Thoughts on Politico’s ‘Health Care of the Future’

At a recent event sponsored by Politico and Microsoft, an interesting mix of innovators and policymakers gathered to discuss how modern health technologies, such as mobile apps and clinical support tools, are changing the future of health care as well as the role that policy plays – or should play –  in the advancement of such technologies.

The impressive list of participants in this informative discussion included Dr. Farzad Mostashari, National Coordinator for Health IT for the Department of Health and Human Services (HHS), Christy Foreman, Director of the Food and Drug Administration’s (FDA) Office of Device Evaluation, Dr. Joe Smith, FACC, Chief Medical and Science Officer of West Health, Dr. Jordan Shlain, Founder of HealthLoop, among others.

As an attendee of the event, I came away with the following key themes and issues:

–          There is a gap between health policy and health care technology innovation.

Although the FDA has developed rigorous testing to determine the safety and efficacy of medical devices and drugs, they have yet to establish standards for recent health care innovations such as mobile health apps. This poses a problem as there are thousands of apps used for health care purposes every day. According to Joel White, executive director of the Health IT Now Coalition, “technology is changing in such a rapid innovative pace, and the current [regulatory] structure doesn’t work.”  There seemed to be a consensus among the non-policymaking participants of the panel on White’s statement. Dr. Joe Smith stated that “the government is struggling at the moment, we’ve witnessed a technological impact in every other aspect of our lives, and healthcare has escaped from it.”

 In the defense of policymakers, Farzad Mostashari states that regulations are much more enablers of innovation than health care technology developers think, the issue is that “[developers] don’t understand the regulations and rules.”

Although steps have been taken by the government to develop standards on mobile health technology, such as draft guidance on mobile medical applications that FDA released in 2011, clear standards need to be defined in order for health care innovation to reach its full potential. One thing we can certainly look forward to is FDA’s final mobile medical app guidelines, which Christy Foreman said will be available by October of this year.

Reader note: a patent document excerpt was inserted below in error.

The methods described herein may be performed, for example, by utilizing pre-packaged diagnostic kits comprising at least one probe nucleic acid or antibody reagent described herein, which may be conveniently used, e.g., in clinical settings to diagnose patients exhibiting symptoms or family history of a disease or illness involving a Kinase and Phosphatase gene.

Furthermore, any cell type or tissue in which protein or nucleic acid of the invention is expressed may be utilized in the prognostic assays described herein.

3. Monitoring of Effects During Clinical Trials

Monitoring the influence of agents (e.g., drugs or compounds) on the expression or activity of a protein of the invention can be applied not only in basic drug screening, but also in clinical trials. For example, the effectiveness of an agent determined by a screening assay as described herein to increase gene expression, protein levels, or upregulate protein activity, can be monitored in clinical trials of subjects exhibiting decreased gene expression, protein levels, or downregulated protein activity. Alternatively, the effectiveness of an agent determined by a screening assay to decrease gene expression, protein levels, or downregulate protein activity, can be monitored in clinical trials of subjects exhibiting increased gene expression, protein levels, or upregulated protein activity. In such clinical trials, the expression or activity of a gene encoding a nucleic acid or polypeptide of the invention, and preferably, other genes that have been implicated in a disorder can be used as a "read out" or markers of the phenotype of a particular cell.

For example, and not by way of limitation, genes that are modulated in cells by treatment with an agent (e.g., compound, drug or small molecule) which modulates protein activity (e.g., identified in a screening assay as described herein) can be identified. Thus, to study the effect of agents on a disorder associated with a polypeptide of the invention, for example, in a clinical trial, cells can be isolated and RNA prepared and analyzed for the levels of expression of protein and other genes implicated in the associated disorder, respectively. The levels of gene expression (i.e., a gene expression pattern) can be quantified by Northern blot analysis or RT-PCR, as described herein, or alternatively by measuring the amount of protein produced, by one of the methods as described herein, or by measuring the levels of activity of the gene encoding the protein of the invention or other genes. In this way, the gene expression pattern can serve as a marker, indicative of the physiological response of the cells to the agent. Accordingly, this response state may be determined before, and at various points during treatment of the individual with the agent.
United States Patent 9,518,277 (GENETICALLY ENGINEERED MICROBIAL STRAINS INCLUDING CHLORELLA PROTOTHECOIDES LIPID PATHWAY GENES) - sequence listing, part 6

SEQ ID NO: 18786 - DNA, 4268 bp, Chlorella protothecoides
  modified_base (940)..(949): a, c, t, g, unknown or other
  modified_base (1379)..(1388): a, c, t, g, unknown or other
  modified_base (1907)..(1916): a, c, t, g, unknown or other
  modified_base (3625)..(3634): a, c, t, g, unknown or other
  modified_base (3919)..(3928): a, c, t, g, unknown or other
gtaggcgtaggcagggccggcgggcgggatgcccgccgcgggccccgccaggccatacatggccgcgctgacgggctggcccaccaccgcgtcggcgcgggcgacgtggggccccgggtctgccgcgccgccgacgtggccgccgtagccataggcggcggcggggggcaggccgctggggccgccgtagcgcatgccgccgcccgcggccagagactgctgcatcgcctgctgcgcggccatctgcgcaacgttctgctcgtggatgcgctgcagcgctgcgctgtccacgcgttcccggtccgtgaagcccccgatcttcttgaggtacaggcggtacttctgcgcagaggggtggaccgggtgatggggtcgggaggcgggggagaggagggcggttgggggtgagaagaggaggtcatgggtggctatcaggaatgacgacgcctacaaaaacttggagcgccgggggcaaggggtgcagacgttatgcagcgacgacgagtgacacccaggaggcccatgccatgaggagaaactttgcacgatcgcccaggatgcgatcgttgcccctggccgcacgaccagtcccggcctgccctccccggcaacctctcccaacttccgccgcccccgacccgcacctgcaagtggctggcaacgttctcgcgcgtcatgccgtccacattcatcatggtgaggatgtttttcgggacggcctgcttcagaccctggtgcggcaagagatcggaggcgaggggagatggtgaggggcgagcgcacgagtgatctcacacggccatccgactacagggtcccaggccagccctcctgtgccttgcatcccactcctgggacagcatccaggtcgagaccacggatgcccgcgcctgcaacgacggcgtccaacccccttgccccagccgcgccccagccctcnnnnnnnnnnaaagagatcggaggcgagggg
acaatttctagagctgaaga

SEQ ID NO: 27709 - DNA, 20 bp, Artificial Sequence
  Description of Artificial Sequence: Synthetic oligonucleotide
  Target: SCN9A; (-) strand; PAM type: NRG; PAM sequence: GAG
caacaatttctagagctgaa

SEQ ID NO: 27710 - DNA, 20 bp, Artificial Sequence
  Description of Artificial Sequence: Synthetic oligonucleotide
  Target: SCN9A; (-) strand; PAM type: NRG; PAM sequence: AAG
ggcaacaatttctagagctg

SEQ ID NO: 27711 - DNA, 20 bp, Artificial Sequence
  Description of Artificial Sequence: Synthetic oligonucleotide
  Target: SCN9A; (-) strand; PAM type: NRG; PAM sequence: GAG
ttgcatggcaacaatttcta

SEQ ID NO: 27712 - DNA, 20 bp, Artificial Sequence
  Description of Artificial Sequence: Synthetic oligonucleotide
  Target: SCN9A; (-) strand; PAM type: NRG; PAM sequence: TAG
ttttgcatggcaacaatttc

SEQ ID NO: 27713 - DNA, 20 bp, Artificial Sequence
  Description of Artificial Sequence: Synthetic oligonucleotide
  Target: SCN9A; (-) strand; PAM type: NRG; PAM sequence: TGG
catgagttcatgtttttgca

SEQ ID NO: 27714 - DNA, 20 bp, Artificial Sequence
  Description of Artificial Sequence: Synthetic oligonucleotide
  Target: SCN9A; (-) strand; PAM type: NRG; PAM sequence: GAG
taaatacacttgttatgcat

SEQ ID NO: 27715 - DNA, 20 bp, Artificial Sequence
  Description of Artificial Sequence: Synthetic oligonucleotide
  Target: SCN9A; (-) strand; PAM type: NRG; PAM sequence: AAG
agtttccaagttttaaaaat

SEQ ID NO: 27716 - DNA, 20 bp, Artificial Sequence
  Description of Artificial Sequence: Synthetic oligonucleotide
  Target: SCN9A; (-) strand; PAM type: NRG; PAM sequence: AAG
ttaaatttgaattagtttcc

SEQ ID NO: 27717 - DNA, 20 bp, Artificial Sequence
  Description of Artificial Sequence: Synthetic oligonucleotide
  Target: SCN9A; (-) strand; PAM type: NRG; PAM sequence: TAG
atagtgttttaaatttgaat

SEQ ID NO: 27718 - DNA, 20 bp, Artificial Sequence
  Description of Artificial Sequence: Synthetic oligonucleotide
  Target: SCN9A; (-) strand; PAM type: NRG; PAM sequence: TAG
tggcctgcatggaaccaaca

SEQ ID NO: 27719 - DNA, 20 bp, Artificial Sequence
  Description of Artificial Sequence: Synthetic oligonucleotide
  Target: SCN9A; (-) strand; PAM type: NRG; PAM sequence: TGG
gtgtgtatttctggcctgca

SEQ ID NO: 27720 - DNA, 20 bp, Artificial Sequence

–          With the quantity of data and health care technology out there – developers must not lose focus on quality.  

According to Audie Atienza Ph.D., senior program director of the Science of Research and Technology Branch of the National Cancer Institute, there are currently between 20,000 to 40,000 apps that are used for health, wellness or fitness purposes. With this number of apps, how are they being tested for effectiveness and reliability? The simple answer is that they’re not. While the FDA has developed draft mobile medical guidelines, it has become the health technology developer’s prerogative to ensure that they’re not innovating for innovation’s sake – technology must be meaningful and centered on the patient to make a lasting difference.

Atienza provided one example of how using technology in the right way can lead to desired results – when the National Institute of Health (NIH) sought to reduce teenage smoking, they launched a campaign centered on text messaging called SmokefreeTXT. NIH found that a sizeable percentage of teens using the service were quitting smoking after using their text-messaging service over a length of time. Health technology developers should take a page from NIH’s book – the key to successful innovation is to make it meaningful to its users.

–          There needs to be a shift from the current reactive nature of our health care system to a proactive one.

Dr. Jordan Shlain used a great term to describe our current health care system, calling it a “reactive health care system”. I couldn’t agree more; our health care system focuses on treating patients’ illnesses, rather than providing patients with tools that help them to avoid illness in the first place. Although the health care reform law attempts to address this issue by punishing hospitals that have excessive hospital readmissions, Atienza took it one step further and says that we need to prevent admissions, not just readmissions.

What’s Dr. Shlain’s solution to making our health care system a more proactive one? Email.   He states that personal medical records (PMRs)/electronic medical records (EMRs)/electronic health records (EHRs) capture a fraction of a patient’s health history, but “we live 99 percent outside of the EHR.”  He believes that creating a system that allows doctors to regularly engage with patients by email will keep patients out of the hospital.  Although there are many obstacles to making email a widely adopted practice by doctors, such as fear of malpractice and privacy concerns, I believe that more people need to be thinking like Dr. Shlain. In order for the health care system to be proactive, its players – doctors and patients – need to be proactive.

We’re in an era in which innovations in health care are growing at an ever-increasing rate, but this seemingly boundless potential of health care technology brings its own set of problems. The key is to find the balance between advancement and the quality of the technology. The leaders that participated in this panel brought these issues to table, but there needs to be a systemic discussion among all leaders in the industry in order for health care technology to reach its full potential. This event may be one baby step, but as health care communicators we are uniquely situated to encourage our clients and colleagues to promote and advance key health care issues of our day – one thing I hope you take away from this is to encourage your clients to promote meaningful health care innovation.